Images continue to surface showing a group of five boys, ranging in age from nine to 15, wreaking havoc in the Marigny and Bywater neighborhoods of New Orleans.

They are accused in a string of home and business burglaries, robberies and other crimes.

One new video shows one of the youngsters throwing a stool at an employee at Bud Rips on Piety Street after they were chased out of the bar. Last week, the NOPD arrested the kids coming out of a house that police said they had just burglarized.

Former U.S. Attorney for the Eastern District of Louisiana in New Orleans Kenneth Polite said when he heard about the month-long crime spree one of his first thoughts was, these kids need help.

"We should be trying to intervene in the lives of those most at risk young people as early as possible," Polite said. "This particular incident involved nine year olds. I was struck by their age, how small they were."

Nadra Enzi said he took pictures of the boys being disruptive at the Healing Center Co-Op on St. Claude Avenue over the Memorial Day weekend. He maintains before you solve the environmental pressures causing the kids to act out, you have to first hold them accountable.

"The people of the Marigny and St. Roch where I'm the Vice President for the neighborhood association, they want opportunity, they want prevention, they want intervention with youth, but they also don't want to be beaten up and robbed in the streets," Enzi said.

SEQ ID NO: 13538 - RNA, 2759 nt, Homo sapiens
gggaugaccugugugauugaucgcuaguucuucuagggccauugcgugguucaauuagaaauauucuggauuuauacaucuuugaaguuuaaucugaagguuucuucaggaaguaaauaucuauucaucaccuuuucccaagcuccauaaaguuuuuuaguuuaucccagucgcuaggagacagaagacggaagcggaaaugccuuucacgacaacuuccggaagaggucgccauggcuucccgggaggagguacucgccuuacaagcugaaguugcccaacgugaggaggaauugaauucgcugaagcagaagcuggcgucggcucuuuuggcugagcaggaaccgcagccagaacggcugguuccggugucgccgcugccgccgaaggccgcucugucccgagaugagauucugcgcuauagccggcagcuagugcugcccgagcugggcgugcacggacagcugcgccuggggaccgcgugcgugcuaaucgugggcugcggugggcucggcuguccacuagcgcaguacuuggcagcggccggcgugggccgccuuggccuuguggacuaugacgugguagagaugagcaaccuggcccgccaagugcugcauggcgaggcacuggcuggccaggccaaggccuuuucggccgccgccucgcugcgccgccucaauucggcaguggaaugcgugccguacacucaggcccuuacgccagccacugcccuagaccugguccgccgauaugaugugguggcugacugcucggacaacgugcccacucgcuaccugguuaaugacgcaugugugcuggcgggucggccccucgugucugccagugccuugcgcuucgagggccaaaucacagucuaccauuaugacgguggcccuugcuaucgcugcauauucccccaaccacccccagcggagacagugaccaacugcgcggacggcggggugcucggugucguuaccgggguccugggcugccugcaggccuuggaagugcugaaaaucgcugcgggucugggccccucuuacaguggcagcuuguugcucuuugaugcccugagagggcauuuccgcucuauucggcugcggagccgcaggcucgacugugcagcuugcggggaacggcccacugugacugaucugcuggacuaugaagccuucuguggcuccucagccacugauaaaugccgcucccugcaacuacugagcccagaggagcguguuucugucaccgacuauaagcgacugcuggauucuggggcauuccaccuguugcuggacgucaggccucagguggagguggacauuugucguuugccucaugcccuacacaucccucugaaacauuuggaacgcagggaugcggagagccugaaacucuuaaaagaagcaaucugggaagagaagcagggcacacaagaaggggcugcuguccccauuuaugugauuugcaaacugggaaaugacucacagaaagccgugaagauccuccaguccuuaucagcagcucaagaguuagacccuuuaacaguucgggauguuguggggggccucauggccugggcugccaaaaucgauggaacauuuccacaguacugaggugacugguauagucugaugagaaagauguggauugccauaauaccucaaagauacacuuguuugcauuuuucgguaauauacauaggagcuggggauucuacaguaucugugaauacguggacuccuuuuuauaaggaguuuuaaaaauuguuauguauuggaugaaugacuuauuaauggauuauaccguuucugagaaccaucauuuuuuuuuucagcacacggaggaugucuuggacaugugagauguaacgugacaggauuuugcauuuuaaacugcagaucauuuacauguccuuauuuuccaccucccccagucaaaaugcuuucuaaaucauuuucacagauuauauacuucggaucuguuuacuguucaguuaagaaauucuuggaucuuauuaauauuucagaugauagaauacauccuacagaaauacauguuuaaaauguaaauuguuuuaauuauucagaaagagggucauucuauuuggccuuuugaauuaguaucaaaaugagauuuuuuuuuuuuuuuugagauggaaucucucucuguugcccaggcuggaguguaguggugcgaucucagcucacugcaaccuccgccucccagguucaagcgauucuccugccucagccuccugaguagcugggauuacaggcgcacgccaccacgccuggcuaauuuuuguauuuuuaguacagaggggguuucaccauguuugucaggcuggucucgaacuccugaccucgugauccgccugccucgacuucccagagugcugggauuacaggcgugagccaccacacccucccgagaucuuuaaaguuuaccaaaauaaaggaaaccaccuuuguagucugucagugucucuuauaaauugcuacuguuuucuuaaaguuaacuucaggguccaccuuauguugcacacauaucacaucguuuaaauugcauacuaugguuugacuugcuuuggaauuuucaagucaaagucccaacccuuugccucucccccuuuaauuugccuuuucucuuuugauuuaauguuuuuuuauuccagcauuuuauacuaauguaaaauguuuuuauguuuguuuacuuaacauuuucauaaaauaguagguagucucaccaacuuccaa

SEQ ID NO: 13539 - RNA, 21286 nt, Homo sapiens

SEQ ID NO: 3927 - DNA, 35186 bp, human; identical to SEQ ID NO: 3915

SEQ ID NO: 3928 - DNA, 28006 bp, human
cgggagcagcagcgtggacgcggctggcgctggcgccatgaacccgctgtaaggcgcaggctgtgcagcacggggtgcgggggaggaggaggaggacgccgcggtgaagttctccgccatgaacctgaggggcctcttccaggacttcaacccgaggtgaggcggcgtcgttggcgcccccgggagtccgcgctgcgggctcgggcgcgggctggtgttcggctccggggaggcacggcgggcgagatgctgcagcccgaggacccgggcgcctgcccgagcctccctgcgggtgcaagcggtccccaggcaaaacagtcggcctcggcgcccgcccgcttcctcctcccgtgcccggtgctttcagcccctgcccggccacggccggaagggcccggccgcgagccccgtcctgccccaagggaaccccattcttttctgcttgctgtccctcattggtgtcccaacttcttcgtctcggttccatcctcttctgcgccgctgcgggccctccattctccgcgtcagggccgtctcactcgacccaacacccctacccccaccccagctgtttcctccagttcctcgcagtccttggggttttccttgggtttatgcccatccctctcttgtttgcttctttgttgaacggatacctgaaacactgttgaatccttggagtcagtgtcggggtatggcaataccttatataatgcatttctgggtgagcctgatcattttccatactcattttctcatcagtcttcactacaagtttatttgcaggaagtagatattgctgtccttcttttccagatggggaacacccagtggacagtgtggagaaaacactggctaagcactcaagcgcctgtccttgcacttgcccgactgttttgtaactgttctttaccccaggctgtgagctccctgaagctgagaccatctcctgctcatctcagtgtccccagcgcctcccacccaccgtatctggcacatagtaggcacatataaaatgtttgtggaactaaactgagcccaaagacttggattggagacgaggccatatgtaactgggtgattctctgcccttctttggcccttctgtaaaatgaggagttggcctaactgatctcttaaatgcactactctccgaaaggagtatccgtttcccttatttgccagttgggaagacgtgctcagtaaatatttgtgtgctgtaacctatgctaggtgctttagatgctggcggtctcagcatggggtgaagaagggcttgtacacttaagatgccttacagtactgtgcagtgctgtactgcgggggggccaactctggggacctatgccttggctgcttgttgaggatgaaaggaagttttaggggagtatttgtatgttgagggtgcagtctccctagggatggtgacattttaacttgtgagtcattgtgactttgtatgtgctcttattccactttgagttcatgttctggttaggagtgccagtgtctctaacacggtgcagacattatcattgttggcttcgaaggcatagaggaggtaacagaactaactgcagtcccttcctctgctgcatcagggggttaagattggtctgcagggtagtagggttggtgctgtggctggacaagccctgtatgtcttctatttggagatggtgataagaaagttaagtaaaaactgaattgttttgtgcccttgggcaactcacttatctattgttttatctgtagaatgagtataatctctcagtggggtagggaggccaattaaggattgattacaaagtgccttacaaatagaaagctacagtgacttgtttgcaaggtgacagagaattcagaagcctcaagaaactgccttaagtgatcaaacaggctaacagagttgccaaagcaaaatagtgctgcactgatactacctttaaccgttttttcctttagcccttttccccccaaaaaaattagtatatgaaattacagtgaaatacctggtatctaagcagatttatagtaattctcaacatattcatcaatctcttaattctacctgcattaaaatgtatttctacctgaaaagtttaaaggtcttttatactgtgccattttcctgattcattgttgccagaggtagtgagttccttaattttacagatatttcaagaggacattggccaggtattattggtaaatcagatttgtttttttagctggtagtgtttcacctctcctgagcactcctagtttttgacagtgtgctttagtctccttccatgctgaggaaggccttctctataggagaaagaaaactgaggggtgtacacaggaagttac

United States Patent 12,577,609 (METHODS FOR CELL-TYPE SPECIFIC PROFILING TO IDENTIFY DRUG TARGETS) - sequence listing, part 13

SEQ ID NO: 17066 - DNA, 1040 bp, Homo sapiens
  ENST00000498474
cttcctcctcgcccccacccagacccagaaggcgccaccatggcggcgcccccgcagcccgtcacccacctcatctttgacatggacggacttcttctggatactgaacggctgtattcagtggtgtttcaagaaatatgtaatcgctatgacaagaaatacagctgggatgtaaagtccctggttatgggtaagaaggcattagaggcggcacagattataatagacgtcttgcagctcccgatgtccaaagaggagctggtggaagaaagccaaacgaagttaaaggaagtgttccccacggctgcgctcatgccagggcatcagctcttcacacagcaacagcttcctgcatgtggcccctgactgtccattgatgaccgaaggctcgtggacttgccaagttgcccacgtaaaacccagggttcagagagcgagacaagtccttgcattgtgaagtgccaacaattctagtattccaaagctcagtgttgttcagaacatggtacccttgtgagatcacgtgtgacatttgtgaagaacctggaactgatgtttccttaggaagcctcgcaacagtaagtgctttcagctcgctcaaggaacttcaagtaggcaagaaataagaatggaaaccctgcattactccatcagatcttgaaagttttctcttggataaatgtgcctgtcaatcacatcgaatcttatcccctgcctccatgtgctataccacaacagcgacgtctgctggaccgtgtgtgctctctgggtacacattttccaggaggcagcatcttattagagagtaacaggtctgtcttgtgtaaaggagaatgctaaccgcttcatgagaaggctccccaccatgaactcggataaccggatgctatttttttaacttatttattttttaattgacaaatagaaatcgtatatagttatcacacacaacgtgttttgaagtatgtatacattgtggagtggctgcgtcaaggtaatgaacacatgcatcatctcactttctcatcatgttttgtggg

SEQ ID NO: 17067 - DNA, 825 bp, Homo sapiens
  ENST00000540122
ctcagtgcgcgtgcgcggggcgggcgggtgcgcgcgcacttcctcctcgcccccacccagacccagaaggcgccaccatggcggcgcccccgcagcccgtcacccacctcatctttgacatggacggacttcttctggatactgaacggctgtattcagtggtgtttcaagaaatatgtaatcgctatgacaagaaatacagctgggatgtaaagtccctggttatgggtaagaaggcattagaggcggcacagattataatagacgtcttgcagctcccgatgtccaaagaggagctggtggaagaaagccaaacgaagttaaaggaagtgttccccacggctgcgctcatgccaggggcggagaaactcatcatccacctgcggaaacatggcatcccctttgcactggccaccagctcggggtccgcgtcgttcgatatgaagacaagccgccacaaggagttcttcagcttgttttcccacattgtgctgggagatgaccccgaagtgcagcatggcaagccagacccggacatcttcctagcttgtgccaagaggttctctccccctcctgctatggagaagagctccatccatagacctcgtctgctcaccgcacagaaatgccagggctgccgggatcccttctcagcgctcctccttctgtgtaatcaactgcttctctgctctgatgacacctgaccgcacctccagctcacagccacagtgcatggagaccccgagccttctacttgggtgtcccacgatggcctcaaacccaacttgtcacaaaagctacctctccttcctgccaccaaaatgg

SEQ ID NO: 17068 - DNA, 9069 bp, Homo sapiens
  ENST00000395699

New Orleans defense attorney Robert Jenkins has been urging state and local leaders for years to pass laws holding parents or guardians more accountable for crimes their children commit.

"Many of the families we're talking about holding parents accountable or the guardians, they don't fear jail, they've gone in and out," Jenkins said. "I'm saying it because we've seen it. So, it has to be some type of financial things that going to be hit very hard. A fine, quickly."

Polite said the issue of juvenile justice requires us to pull a number of levers including enforcement, early detection and family support.

"What are you doing is often times the question I posed to individuals, in your communities, in your churches, in your schools to actually change the trajectory for the life of a young person," Polite said. "Focusing on education as a critical aspect of preserving public safety is something that we have to invest in.

Police did not release the names of the five boys because of their ages.